The statement that should be issued from the Obama administration in regards to foreign policy should be, "If you're not careful, we will be forced to call another meeting."

Ever since the chemical weapons attack on Syrian civilians on Aug. 21 took place, the Obama administration and the international community as a whole have struggled to come to a consensus regarding the dire situation in the ravaged Middle Eastern country.

Last week United Nations investigators and U.S. intelligence confirmed that Bashar al-Assad did in fact use nerve gas on thousands of Syrians, and that most of the victims were civilians. Horrifying footage from Damascus showed women and children suffering from the effects of the chemical weapons attack. Naturally, everyone is looking at the U.S. and the European Union wondering, "What do we do?"

For those of you who've had your heads buried in the sand (or the books) for the past few months, a brief overview:

The Alawite leader of Syria, Bashar al-Assad, has been locked in a civil war with his people for two and a half years. At least 100,000 Syrians have died since 2011 and more than 4 million have been displaced. Iran and Russia remain the Assad regime's strongest allies at this point, which further strains relations between the U.S. and Russia.

While the war has been raging for months, other countries have largely attempted to stay out of it. However, on Aug. 21, a chemical weapons attack led to the death of at least 1,400 Syrians, mostly civilians. This is a blatant breach of international law and it seems Syria cannot be ignored any longer.

Last week, President Obama announced that he was abdicating the decision of whether or not to attack Assad to Congress and leaving it to their vote. This was smart on the part of the President: a recent poll reported that 79 percent of Americans feel he should get the approval of Congress before authorizing military action in Syria.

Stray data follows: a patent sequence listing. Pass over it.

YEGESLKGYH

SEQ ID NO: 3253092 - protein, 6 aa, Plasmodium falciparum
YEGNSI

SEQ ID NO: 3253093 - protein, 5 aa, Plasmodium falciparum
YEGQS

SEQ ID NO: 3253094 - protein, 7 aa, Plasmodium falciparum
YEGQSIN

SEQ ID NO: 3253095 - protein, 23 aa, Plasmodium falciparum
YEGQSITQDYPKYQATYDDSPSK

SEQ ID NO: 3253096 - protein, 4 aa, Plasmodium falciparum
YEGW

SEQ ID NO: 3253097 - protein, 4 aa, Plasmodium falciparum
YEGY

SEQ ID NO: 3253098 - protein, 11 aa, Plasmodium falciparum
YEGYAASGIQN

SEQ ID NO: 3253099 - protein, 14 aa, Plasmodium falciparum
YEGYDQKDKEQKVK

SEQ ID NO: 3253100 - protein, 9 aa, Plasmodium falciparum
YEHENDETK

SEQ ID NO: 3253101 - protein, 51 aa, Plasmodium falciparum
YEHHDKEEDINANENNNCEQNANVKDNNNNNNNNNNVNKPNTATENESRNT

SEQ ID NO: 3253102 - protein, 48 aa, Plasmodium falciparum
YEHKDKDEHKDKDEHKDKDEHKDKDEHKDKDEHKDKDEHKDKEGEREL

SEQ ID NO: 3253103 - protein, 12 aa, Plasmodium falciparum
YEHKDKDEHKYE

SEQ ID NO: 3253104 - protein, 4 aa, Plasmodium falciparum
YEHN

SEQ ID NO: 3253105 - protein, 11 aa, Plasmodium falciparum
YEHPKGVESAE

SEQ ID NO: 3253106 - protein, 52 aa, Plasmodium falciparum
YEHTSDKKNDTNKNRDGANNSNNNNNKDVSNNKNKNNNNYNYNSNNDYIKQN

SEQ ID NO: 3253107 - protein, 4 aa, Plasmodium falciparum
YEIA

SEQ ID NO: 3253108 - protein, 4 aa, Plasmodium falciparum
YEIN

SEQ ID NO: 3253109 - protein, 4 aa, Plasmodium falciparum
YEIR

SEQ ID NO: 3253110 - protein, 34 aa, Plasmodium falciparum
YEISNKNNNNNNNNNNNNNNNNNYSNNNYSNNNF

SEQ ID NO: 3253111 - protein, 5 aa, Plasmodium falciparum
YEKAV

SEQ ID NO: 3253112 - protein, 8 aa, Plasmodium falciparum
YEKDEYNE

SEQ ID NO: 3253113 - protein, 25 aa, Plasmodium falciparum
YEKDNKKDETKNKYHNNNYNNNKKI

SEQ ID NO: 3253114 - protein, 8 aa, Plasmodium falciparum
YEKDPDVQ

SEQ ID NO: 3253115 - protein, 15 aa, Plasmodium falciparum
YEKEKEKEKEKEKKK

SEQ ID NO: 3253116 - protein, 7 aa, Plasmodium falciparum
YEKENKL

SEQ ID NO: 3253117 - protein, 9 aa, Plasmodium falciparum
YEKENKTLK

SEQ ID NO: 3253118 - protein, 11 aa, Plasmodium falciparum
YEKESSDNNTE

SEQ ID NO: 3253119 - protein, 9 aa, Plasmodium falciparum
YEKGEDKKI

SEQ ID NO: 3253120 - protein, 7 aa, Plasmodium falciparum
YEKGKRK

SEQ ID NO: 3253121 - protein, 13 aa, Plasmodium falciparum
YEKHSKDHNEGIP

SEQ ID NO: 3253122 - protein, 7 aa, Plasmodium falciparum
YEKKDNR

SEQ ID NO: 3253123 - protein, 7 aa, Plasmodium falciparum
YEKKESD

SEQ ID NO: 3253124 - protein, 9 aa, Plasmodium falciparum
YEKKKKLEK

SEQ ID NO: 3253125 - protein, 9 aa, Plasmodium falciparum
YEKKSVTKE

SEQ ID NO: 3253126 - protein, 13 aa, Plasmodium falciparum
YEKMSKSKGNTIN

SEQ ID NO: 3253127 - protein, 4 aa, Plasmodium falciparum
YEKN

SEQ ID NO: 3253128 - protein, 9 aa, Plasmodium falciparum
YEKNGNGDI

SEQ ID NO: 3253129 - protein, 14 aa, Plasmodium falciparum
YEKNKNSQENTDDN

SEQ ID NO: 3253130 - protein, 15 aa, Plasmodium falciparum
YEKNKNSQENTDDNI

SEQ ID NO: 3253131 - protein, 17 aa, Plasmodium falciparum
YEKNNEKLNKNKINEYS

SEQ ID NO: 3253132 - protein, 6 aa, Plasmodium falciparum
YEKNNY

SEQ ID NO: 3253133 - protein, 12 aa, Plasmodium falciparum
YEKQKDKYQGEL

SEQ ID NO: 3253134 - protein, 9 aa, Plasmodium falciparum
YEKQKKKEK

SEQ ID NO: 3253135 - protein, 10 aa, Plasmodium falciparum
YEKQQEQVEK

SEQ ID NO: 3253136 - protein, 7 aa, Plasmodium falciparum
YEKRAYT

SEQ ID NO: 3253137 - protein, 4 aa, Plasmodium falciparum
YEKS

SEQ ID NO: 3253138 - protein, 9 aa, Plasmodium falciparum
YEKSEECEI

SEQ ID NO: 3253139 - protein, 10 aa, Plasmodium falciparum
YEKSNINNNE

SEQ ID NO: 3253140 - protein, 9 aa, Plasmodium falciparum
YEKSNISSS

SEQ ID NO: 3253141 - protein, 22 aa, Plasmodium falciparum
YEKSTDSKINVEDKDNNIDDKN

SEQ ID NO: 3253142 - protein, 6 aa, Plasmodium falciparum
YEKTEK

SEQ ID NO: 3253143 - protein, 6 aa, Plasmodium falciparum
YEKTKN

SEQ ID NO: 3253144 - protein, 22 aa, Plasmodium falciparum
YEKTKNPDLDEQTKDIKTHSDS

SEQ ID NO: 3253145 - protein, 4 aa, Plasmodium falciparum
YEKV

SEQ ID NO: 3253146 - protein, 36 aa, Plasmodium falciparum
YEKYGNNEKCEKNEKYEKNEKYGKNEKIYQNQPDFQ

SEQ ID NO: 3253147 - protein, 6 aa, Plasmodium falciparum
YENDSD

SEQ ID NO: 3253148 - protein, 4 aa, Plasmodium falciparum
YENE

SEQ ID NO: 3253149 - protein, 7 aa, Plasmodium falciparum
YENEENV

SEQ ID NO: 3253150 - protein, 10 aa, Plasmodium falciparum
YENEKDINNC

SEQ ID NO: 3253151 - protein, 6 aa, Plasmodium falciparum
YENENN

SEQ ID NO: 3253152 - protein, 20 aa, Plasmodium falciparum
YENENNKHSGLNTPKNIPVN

Although President Obama is right to approach the situation with caution (no one is eager for another Iraq), he should also be wary of bold statements like the one he made last year when he expressed that chemical weapons would be a red line that the United States could not tolerate. Making statements like that is perfectly fine if you intend to follow it up with full force, but so far our response has been unorganized and not exactly timely.

A highly important question in foreign policy has always been whether or not it's the job of America to police the rest of the world. As Americans, we are no strangers to involvement in conflicts in which we sometimes find little purpose.

Scott Simpson, a nursing student at UT and a veteran of the war in Iraq, believes that we need to approach the situation with extreme caution. He said that enough American blood has been shed in Middle Eastern countries for people who do not necessarily appreciate it.

"We don't need to add another country full of terrorists to our foreign policy payroll," Simpson said.

Even though the Obama administration has already stated that military action will be limited and that there will be no troops on the ground in Syria, Simpson's remark raises an important question. Regardless of how limited the military action is right now, there's no way to predict what the situation will look like a year from now.

A recent poll conducted by Reuters showed that only 28 percent of Americans think we should intervene in Syria.

What interested me more than the article that reported this were the comments written beneath it: "When they asked about a limited strike, did they tell the American participants how much a cruise missile cost? How much it cost to fuel a fighter? Did they preface it with what our national debt was now?"

Many comments featured similar rhetoric, suggesting that many Americans oppose military action in Syria.

There's no doubt that what's happening in Syria is heinous and unacceptable. It's easy to understand why our government is having a difficult time making a decision in this case.

They would do well to truly listen to the voices of the American people, even if that means deciding that we don't have a dog in this fight.

Katie Dean is a junior in political science and psychology. She can be reached at xvd541@utk.edu.